"The weight-bearing yoga training had a positive effect on bone by slowing down bone resorption which was a very essential indicator for human health because it reduced the osteoporosis risks in this group of postmenopausal women."
-Phoosuwan, M. et al. "The Effects of Weight Bearing Yoga Training on the Bone Resorption Markers of the Postmenopausal Women" J Med Assoc Thai 2009; 92(Suppl. 5):S102-8"Physical activity is profoundly beneficial to bone health & every study that has looked at this has shown a much lower risk of fracture among people who are physically active."
"This really applies to the bones that are exercised--the bones that are stressed. Walking & other weight-bearing exercise reduce rates of hip fracture--but may not do much for wrist fracture, so we need other exercises for our upper body bones to keep them strong."
--Walter Willett, MD, DrPH, is Chairman of the Department of Nutrition and Frederick John Stare Professor of Epidemiology and Nutrition at Harvard University's School of Public Health--
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I've been wondering for awhile about the connection between yoga & bone-strengthening. Here's why.
- My high school friend Sheila is petite, small-boned, very thin, and osteopenic. She's sees a rheumatology/osteoporosis specialist, takes bone-strengthening meds and yet she still continued to lose bone density. When she switched her exercise routine to include a power-sculpt class & yoga she started to see improvements. She doesn't know if it's because of the yoga or the weights, so she's not about to stop either.
- My college friend Cindy is small-boned, thin, and osteopenic. She sees an endocrinology/osteoporosis specialist, takes bone-strengthening meds, and recently noticed improvements in the bone density of her wrists--while here hip and spine remained stable. She wondered if her more regular attendance at yoga classes could be responsible--and the downward-facing dog pose, in particular.
- My yoga teacher mentioned 3 weeks ago that before she started to practice yoga regularly her bone density scan put her in the osteopenic range. After a few years of regular yoga practice she moved solidly into the normal bone density range.
Is it really possible that a regular yoga practice can improve one's bone density? I decided to see if I could find a yoga/bone strength connection in the medical literature.
Makes sense to my lay-person understanding of bones.
"Bones are similar to muscles. Use muscles, and they become bigger and stronger. Stop using them, and they weaken and atrophy. Like muscles, when bones are used--when they support weight or carry a load (within reason)--they get stronger.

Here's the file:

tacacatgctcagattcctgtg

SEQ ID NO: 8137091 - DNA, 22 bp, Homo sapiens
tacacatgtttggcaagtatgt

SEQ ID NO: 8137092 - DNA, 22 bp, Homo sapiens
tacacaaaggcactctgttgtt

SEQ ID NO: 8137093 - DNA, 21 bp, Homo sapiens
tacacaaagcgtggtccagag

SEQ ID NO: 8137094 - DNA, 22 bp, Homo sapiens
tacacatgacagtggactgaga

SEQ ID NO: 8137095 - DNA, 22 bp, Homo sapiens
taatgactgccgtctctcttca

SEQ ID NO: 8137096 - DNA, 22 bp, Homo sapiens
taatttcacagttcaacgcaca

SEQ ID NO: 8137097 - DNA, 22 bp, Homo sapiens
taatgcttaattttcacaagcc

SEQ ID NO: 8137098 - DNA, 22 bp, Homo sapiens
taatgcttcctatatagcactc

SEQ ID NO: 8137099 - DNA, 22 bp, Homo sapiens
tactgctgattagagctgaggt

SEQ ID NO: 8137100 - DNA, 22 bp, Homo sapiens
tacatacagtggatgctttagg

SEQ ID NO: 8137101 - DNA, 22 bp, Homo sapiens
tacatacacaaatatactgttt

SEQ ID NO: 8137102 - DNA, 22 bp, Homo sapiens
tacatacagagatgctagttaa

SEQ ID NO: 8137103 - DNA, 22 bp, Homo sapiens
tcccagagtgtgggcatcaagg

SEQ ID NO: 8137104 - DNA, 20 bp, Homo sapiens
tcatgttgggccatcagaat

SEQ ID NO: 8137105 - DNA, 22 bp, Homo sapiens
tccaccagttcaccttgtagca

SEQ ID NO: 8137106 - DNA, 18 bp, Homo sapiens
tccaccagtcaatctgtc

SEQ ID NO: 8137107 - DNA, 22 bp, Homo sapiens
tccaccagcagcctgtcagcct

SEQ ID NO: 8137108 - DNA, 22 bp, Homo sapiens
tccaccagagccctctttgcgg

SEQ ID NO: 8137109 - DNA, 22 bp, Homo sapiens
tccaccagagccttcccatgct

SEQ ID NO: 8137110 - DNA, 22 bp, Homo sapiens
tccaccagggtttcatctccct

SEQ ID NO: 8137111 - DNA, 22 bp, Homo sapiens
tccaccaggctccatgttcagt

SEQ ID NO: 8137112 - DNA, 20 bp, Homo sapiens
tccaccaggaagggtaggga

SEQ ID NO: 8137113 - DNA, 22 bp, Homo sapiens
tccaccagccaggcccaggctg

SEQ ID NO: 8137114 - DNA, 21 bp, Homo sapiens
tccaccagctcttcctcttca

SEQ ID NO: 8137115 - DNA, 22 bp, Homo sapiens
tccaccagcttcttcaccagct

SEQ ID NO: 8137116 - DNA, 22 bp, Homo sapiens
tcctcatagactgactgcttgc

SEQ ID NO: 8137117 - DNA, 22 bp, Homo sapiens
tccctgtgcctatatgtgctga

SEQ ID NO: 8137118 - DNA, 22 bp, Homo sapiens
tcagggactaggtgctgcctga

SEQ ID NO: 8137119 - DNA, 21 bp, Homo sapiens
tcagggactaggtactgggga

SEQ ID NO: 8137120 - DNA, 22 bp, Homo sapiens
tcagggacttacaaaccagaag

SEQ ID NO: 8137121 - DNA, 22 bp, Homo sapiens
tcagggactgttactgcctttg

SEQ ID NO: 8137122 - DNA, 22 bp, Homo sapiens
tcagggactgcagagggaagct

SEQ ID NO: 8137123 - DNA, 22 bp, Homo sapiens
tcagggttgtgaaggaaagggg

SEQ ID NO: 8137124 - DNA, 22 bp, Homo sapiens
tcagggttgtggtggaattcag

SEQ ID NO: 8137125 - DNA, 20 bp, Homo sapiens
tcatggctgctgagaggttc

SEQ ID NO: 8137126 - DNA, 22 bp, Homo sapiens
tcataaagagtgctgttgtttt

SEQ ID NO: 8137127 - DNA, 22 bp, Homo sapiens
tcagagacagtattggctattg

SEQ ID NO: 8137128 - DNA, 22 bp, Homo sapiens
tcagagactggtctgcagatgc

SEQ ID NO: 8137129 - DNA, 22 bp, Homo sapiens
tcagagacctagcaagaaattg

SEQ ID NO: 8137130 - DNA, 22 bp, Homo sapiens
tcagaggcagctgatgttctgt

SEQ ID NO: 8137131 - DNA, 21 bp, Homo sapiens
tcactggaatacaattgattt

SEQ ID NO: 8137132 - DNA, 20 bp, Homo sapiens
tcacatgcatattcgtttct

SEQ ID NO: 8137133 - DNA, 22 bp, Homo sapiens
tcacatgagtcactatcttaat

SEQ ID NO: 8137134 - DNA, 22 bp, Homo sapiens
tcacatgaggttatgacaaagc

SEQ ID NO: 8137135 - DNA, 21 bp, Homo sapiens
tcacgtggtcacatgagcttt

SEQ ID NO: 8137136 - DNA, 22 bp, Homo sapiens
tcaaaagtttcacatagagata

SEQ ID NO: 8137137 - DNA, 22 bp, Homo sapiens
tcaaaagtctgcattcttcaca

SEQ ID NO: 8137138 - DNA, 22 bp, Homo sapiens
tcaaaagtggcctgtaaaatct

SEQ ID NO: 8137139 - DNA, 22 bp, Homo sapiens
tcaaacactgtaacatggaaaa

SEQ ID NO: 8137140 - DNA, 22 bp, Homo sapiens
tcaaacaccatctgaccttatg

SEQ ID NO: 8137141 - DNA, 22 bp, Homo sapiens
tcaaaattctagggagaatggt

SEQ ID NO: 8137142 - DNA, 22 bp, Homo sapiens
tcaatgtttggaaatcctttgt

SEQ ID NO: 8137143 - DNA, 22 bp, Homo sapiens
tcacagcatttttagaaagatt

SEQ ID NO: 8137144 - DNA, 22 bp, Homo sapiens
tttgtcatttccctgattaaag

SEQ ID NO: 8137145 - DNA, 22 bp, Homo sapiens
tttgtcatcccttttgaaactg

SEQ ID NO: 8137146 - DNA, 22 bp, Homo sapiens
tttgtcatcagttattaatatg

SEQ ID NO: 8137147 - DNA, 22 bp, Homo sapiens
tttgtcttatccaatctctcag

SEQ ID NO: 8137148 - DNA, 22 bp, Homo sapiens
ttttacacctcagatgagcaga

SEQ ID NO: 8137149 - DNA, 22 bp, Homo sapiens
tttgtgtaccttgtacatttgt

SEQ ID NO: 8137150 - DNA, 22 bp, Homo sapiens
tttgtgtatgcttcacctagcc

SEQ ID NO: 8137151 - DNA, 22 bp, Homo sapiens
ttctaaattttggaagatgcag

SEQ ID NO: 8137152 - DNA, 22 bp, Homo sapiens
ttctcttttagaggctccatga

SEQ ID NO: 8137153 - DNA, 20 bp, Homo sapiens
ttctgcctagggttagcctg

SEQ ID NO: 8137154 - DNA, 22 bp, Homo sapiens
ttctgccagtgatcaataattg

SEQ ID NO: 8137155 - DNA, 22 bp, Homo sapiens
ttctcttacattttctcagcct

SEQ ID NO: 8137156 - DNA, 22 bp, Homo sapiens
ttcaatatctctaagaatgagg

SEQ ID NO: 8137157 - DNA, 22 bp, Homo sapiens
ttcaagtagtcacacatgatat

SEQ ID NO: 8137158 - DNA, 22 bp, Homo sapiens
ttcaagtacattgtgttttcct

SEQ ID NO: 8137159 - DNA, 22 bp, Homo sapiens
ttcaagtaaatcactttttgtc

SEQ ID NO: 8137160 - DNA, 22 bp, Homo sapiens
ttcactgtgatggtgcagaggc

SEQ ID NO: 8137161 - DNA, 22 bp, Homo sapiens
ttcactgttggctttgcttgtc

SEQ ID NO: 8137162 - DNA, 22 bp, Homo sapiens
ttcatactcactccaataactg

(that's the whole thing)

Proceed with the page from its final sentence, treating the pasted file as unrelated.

When bones bear weight, they experience strain. Strain produces microscopic weak spots. As those weak spots develop, the bone cells in the vicinity release chemicals that signal the body: Weak spot! Send help!Bone-clearing osteoclasts converge on the problem area and dissolve the weakened bone. Then osteoblasts migrate from nearby bone marrow, enter the tiny breach, and create new bone.
Normal strain stimulates the creation of new, strong robust bone. In other words: weight-bearing activities give bones a reason to thrive.
--Amy Lanou, PhD & Michael Castleman, Building Bone Vitality. NY:McGraw-Hill, 2009. pgs. 154-155.--
Full Disclosure: Lanou & Castleman are huge advocates of walking outdoors--up & down hills, or up & down stairs, or carrying a load--as a dynamic bone-strengthening exercise. Dr. Walter Willett is also a big fan of walking for bone health--but he says it strengthens the hip primarily, and we need to stress all the bones in the body. That's where yoga enters the picture.
Searching the Medical Literature for the Yoga/Bone Strengthening Connection
As crazy as it sounds there is next to nothing written on this subject. But, I did come across one well-constructed preliminary report published in 2009 in the Journal of the Medical Association of Thailand, of all places. Click here for the article
Before writing this post, I went back to PubMed and bingo, there's a brand new pre-publication article--hot-off-the-press, called, "Yoga might be an alternative training for the quality of life and balance in postmenopausal osteoporosis," Tuzun, S. et al, European Journal of Physical and Rehabilitation Medicine. Click here to read the full article.
If you are reading this post you will probably be one of the few people in the country who will have heard about this article. The Journal of the Medical Association of Thailand can be found in only 12 libraries in the U.S. With over 5000 medical journals currently competing for attention the odds are slim that this preliminary report will get much notice by anyone.